≡ Menu

There Ain’t No Such Thing As A Free Borrowed Lunch

Here’s an e-mail to my friend John Tamny:


While there’s much to admire in your essay “Socialism, Not Debt, Causes Economic Collapse,” you dismiss too quickly the possibility of government debt being monetized and, hence, fueling inflation – as well as dismiss too quickly the findings of Carmen Reinhart and Ken Rogoff. In addition, you miss at least two other foundational objections to deficit financing. One is ethical while the other is economic.

The ethical: The bills for government programs paid for today with borrowed funds are handed to future generations. Our children and grandchildren are forced by government borrowing to pay tomorrow for whatever programs we undertake today. While borrowing for some projects might overcome the presumption that such spending of other people’s money is unethical, this presumption looms large. Yet it is ignored – I believe unethically – by those who are blasé about government borrowing.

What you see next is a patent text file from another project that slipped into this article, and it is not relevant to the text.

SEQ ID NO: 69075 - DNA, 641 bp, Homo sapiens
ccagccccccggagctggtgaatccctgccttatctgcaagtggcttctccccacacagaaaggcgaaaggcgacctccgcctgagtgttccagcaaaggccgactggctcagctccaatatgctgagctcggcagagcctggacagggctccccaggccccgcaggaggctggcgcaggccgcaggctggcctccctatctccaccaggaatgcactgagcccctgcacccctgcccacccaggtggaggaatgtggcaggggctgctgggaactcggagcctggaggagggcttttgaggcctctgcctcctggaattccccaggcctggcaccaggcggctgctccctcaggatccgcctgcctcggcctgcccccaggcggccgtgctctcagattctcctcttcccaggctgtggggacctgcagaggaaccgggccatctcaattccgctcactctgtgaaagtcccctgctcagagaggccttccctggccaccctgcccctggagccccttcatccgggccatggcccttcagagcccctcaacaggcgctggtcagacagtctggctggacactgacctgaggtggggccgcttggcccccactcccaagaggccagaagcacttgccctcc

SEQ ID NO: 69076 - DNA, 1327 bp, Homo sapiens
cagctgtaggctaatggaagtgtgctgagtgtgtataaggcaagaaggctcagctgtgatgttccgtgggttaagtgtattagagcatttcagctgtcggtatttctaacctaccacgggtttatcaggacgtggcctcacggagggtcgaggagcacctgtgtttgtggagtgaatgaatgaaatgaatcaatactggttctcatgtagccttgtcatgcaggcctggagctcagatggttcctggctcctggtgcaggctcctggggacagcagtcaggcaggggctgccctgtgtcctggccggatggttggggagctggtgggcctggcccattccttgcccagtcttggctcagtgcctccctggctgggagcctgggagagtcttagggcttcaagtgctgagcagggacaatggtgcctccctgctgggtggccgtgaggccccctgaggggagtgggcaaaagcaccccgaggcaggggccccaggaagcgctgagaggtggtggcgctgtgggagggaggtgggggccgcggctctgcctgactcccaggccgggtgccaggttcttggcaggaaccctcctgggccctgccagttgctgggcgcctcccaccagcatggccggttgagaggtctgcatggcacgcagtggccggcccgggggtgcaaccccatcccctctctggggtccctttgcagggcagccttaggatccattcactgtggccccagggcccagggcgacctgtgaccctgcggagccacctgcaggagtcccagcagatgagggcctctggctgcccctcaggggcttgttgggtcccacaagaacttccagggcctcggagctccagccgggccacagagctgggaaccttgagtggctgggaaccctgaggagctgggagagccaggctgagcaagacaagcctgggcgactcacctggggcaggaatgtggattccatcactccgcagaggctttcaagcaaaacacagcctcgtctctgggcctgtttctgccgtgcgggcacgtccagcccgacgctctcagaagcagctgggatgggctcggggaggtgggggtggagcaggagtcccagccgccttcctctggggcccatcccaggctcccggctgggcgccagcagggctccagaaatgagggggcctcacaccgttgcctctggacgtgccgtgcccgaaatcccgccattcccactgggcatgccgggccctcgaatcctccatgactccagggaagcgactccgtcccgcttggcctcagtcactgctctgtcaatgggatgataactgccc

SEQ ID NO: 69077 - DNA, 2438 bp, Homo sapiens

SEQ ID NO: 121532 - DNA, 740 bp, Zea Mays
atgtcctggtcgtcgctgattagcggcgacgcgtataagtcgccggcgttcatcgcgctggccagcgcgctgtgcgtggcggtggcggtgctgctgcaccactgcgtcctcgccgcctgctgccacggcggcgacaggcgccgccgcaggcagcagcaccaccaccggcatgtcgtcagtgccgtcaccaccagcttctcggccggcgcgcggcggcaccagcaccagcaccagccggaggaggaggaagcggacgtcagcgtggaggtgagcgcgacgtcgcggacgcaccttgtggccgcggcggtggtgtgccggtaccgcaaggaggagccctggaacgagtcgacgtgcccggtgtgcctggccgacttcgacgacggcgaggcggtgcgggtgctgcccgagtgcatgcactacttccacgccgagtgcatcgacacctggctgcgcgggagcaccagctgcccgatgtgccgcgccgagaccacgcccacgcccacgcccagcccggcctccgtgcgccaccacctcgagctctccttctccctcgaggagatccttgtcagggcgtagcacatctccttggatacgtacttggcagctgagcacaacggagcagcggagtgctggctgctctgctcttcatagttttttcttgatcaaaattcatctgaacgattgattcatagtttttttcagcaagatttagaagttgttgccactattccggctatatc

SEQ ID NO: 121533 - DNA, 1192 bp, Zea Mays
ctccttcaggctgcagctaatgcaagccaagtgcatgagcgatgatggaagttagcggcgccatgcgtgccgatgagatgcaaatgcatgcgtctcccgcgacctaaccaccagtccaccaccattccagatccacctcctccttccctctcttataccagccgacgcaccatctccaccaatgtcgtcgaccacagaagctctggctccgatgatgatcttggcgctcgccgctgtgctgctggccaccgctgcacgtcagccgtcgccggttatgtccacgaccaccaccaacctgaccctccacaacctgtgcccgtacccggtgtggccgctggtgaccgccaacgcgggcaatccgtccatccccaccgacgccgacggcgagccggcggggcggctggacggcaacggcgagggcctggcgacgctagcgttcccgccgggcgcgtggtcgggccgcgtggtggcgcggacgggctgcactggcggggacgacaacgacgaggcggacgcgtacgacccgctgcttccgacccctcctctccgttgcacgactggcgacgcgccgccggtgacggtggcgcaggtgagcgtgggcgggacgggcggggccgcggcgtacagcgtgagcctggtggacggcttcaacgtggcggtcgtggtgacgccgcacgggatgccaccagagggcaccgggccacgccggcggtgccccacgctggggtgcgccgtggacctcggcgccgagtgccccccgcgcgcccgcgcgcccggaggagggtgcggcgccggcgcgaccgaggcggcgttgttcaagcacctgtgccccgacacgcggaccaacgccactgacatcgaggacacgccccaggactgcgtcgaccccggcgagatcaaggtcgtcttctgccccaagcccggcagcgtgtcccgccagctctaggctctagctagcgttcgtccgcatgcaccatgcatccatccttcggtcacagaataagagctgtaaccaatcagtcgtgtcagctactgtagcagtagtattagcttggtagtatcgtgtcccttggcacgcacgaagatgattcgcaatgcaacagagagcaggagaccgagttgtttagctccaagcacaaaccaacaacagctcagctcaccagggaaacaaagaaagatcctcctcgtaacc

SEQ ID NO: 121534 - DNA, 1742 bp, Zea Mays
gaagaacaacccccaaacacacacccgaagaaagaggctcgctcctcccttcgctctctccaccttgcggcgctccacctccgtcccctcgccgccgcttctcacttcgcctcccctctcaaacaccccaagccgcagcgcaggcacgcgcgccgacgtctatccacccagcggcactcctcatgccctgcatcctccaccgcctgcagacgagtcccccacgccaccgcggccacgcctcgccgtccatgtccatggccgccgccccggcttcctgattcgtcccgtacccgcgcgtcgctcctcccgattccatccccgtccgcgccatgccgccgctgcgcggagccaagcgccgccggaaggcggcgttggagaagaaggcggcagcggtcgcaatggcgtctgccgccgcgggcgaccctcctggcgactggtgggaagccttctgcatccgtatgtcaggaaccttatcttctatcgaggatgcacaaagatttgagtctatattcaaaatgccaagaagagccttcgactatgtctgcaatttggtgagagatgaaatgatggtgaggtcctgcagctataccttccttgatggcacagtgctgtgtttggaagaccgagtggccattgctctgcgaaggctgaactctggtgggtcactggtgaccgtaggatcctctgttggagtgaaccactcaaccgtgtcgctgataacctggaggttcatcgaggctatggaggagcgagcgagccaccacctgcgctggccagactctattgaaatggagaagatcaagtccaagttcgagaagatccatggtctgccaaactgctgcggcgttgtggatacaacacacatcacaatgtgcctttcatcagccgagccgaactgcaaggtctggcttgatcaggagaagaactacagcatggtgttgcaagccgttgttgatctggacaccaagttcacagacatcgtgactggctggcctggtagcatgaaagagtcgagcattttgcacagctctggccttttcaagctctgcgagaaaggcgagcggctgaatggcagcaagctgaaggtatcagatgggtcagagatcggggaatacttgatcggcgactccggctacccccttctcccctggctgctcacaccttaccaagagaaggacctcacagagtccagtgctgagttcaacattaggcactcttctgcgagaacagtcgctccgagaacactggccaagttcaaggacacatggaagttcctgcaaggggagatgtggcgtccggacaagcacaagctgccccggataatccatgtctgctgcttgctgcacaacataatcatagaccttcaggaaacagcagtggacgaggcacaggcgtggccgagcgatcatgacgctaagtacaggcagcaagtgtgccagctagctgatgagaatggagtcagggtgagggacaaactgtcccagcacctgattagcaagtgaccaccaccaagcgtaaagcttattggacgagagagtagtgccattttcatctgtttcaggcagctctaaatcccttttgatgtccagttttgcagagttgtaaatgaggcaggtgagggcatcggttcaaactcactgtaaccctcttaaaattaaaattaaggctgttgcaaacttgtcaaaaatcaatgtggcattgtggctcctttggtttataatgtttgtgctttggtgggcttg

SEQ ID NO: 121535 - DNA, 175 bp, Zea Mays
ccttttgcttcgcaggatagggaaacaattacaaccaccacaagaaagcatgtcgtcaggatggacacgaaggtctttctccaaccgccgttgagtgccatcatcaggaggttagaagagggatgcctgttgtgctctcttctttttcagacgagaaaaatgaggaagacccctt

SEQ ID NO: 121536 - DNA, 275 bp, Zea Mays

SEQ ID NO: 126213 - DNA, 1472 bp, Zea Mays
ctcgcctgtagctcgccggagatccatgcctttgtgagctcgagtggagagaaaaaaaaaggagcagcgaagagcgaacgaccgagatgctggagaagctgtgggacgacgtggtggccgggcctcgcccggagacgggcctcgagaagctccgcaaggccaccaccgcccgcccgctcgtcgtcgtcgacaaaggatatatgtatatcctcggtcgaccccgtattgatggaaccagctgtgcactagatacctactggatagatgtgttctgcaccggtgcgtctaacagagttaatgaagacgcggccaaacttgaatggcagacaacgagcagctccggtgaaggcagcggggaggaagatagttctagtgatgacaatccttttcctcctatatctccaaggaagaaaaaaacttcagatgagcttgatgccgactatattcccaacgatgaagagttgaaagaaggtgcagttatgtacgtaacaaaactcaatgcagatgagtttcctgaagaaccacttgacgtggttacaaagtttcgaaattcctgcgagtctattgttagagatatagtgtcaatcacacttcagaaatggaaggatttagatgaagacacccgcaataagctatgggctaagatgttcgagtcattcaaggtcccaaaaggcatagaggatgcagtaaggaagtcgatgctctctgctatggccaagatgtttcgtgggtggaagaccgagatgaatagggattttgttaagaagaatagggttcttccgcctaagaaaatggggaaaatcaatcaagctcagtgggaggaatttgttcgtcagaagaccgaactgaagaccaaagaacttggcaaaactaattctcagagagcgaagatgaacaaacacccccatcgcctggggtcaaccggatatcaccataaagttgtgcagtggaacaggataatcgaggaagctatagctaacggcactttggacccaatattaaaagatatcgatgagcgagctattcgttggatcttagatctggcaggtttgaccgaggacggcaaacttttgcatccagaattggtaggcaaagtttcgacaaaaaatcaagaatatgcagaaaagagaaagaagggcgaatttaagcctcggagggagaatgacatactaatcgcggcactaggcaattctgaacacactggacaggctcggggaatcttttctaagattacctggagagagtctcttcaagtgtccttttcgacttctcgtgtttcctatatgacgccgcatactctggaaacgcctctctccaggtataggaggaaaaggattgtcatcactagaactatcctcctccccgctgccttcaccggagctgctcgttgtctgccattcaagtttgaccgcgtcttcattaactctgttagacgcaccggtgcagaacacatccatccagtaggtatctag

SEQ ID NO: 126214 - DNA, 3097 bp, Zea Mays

The economic: Spending other people’s money is inefficient. The ability to launch and expand government programs with borrowed funds that will be repaid, not by the borrowers, but by other people naturally prompts today’s citizens and their political representatives to launch and expand some programs that they would otherwise choose to forego. Just as I will purchase a new Mercedes rather than a used Toyota if I get to spend, not my money, but your money without your permission – indeed, without even your knowledge – today’s citizens and politicians will purchase, at the expense of future generations, government goods and services for themselves that they would not purchase if they had to spend their own money.

In short, ability to borrow fuels excessive government growth, which reduces private-sector growth.

The fact that the U.S. and U.K. economies have grown despite their governments’ heavy borrowing does not mean that this borrowing has had no negative economic consequences. The only way that you could deny this conclusion is if you were to insist that real resources are not scarce – if you were to insist that real resources channeled by debt into today’s government programs materialize, not from the private sector, but out of thin air.

Knowing that you understand that real resources are indeed unavoidably scarce, I continue to be mystified that you remain so blasé about government borrowing.